Planning a trip to New Orleans always concerns me.  Living there for 4 years and hearing about your friends getting mugged, I’m always the cautious one, watching my step.  I hope that this will be a safe time for me and my fellow Lindy Hoppers.  May God keep us safe.  Especially through this time of international tension.  I hope that no crazy guy decides to bomb New Orleans while we’re there.  Pray for a safe trip for me.

Dancing like there’s no tomorrow,Moi.

P.S.  I also have the pictures from Matt Weyandt’s 80’s B-day party up.  It was a total blast, dude.  Complete with Rubix Cube cake and almost working Atari’s.

Those Special Words that Mean So Much

In this society of uncertainty and insecurity of ones future, there are always those little things that managers can say to you that have you realize that they’re not going to lay you off anytime soon. Today, I heard those special words…

Working in Nortel’s 3rd Generation Wireless Department (3G/UMTS/Wireless Data), I’m developing this script which will be able to configure their servers automatically in a matter of minutes. You see this, is a big deal, because many times, it takes people hours if not days to configure their switch properly. So, needless to say, this is a BIG deal. And I’m the brains behind the operation there.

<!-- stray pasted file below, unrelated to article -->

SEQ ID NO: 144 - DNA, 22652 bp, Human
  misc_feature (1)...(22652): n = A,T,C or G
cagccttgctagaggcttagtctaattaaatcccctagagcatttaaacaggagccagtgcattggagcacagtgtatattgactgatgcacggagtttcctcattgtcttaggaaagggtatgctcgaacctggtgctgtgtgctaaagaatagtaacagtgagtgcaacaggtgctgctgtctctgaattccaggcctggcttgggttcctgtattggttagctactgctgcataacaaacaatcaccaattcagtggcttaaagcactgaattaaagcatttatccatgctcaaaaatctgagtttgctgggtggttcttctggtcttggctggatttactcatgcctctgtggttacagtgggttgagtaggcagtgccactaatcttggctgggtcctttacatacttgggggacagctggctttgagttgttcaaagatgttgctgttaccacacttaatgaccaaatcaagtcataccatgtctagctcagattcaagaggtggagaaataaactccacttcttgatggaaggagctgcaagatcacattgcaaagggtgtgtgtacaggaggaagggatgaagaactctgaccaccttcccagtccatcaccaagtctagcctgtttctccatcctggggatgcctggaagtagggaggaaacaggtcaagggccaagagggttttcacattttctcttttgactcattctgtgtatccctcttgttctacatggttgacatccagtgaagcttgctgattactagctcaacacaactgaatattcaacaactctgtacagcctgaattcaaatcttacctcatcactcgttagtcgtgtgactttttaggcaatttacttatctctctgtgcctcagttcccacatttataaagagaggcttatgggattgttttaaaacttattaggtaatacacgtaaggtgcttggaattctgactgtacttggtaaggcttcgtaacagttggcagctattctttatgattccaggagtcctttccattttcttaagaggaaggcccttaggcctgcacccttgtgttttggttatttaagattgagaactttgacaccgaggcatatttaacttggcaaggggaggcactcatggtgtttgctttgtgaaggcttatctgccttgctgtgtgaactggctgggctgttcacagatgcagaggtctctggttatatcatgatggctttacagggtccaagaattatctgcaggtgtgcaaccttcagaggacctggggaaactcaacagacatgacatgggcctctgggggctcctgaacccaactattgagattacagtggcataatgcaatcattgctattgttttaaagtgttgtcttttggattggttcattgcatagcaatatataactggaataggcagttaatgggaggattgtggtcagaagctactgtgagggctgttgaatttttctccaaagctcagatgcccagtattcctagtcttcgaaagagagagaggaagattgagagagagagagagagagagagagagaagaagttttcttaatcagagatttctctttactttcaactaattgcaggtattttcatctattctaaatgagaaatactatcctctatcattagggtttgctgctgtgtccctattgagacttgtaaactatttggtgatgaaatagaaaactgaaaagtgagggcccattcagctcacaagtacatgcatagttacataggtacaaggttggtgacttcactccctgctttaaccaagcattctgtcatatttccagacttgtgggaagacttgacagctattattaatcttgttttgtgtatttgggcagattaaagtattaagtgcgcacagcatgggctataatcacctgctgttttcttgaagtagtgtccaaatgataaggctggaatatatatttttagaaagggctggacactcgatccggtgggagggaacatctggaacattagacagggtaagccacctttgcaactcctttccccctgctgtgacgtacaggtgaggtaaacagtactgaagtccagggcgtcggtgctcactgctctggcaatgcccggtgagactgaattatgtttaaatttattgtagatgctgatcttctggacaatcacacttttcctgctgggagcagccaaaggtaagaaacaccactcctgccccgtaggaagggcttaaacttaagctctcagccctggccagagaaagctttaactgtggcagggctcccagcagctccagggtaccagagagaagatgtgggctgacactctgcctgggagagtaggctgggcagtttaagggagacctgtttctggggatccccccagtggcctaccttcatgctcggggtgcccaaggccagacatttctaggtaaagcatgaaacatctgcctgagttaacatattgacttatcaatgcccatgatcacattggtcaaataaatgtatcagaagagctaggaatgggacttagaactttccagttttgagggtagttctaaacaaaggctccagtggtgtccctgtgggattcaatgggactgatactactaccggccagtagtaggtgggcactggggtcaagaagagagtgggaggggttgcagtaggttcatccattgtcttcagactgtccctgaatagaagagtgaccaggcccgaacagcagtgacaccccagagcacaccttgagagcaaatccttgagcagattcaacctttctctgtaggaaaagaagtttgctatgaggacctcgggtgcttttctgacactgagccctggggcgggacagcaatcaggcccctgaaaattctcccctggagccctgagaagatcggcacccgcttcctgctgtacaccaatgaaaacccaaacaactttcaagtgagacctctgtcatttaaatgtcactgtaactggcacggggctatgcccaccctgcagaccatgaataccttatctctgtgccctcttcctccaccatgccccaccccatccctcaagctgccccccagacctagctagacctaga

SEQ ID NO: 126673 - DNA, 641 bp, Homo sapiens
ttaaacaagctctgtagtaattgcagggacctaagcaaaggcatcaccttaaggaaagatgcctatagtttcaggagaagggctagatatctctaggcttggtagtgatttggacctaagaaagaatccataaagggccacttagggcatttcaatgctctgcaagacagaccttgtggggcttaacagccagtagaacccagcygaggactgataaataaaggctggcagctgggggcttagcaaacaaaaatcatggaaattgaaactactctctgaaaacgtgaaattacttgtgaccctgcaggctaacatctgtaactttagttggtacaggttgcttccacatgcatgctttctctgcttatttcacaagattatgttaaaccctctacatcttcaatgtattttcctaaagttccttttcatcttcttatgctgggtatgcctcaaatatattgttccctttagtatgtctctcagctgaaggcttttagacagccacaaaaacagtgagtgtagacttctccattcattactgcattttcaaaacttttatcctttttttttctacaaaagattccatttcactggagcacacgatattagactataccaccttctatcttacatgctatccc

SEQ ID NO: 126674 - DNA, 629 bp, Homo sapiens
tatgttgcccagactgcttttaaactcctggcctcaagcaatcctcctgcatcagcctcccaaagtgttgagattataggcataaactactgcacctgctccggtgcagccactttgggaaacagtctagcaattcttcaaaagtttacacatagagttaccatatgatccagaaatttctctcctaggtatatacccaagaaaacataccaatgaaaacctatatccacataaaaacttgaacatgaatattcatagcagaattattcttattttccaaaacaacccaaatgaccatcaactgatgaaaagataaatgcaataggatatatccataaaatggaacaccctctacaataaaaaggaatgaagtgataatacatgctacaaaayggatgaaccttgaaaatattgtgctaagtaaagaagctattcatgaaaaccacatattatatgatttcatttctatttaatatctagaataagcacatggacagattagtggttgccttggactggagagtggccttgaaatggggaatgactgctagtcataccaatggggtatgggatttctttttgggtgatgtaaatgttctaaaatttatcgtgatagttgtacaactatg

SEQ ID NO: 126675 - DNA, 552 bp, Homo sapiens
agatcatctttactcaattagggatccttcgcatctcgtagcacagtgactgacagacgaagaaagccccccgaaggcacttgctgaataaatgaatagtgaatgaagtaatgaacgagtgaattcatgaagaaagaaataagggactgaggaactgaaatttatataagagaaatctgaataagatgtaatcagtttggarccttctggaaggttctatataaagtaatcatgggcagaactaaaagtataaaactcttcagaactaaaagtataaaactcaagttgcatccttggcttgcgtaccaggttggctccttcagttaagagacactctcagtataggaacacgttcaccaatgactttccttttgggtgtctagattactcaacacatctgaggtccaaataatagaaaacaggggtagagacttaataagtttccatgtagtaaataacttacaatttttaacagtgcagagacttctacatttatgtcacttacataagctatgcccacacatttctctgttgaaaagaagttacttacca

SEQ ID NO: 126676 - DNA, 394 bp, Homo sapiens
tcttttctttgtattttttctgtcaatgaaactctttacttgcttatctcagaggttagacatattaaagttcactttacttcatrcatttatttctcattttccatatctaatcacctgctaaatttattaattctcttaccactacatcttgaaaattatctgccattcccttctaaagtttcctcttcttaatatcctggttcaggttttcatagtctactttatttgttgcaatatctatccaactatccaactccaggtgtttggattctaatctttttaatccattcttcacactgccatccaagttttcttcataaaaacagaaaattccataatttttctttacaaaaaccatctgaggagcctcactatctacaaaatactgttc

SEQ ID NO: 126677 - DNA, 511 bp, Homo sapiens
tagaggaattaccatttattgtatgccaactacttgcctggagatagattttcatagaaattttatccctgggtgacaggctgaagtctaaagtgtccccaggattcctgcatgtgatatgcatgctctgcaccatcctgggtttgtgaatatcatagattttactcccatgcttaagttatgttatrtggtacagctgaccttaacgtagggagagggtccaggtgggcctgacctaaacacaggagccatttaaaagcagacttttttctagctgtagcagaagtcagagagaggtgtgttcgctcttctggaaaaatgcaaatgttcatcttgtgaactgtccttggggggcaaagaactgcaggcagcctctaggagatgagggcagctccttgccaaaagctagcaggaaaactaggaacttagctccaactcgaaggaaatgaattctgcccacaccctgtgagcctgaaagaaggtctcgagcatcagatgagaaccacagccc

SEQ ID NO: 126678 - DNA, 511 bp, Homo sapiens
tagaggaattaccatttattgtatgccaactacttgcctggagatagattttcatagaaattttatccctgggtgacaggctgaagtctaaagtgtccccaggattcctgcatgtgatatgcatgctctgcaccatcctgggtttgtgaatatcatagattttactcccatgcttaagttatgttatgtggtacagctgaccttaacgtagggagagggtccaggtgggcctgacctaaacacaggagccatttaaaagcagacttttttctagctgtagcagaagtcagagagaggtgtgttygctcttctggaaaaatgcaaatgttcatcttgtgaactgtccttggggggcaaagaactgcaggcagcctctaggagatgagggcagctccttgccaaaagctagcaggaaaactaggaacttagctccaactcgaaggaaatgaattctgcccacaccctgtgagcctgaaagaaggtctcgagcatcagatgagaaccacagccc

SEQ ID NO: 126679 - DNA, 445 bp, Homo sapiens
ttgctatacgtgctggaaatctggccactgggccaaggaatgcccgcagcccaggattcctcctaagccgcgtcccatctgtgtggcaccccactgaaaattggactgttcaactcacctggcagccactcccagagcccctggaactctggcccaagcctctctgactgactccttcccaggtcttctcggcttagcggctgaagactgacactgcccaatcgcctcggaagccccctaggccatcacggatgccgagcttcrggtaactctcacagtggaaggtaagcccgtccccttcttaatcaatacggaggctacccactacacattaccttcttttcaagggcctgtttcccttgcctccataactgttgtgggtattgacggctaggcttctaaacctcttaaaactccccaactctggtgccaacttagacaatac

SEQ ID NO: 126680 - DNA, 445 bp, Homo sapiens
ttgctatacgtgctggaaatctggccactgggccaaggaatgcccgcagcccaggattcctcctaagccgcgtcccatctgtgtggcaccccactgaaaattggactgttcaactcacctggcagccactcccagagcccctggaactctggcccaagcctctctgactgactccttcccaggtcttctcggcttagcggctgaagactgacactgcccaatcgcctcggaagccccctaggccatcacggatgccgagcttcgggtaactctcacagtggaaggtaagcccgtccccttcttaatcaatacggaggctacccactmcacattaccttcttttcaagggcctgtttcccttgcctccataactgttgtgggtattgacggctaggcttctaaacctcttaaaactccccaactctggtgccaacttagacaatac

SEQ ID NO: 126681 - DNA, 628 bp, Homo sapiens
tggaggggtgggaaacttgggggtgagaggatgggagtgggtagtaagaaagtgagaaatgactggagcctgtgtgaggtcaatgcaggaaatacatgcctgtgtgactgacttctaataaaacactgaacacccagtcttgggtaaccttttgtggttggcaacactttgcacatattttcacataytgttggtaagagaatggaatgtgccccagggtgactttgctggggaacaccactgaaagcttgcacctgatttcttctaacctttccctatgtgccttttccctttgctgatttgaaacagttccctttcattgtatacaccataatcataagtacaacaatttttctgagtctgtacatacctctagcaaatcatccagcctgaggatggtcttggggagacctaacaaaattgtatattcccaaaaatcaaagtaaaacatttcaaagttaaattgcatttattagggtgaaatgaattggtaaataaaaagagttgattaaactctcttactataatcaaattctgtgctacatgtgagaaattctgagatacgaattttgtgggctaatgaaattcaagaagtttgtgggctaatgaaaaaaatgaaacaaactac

Anywho, I’m doing all of my development on this separate workstation I have in my cube. And everything pretty much resides on it. I was talking to my manager today about future roles for me and he said that he wanted documentation of everything, because “If you were to die tomorrow, we’d be screwed.” (If you haven’t caught on by now, those are the Special Words I was referring to earlier.)

Some people might think that’s morbid. Some people might think that means I’ve got more work to do. Some people might get a power trip from that…but Me…I think that’s AWESOME! (Ok, maybe I enjoy the power trip a tad, but that’s ok.) You see, I have now proven my value to the company, and future productivity now is vested in my staying with Nortel. Now yes, I know that once I’m done with this project, that I can be canned, but I’ve also got a few ideas up my sleeve that I can prevent to management for future job security. 🙂

Feeling good about myself and looking forward to the Studio 54 party on Friday-Me.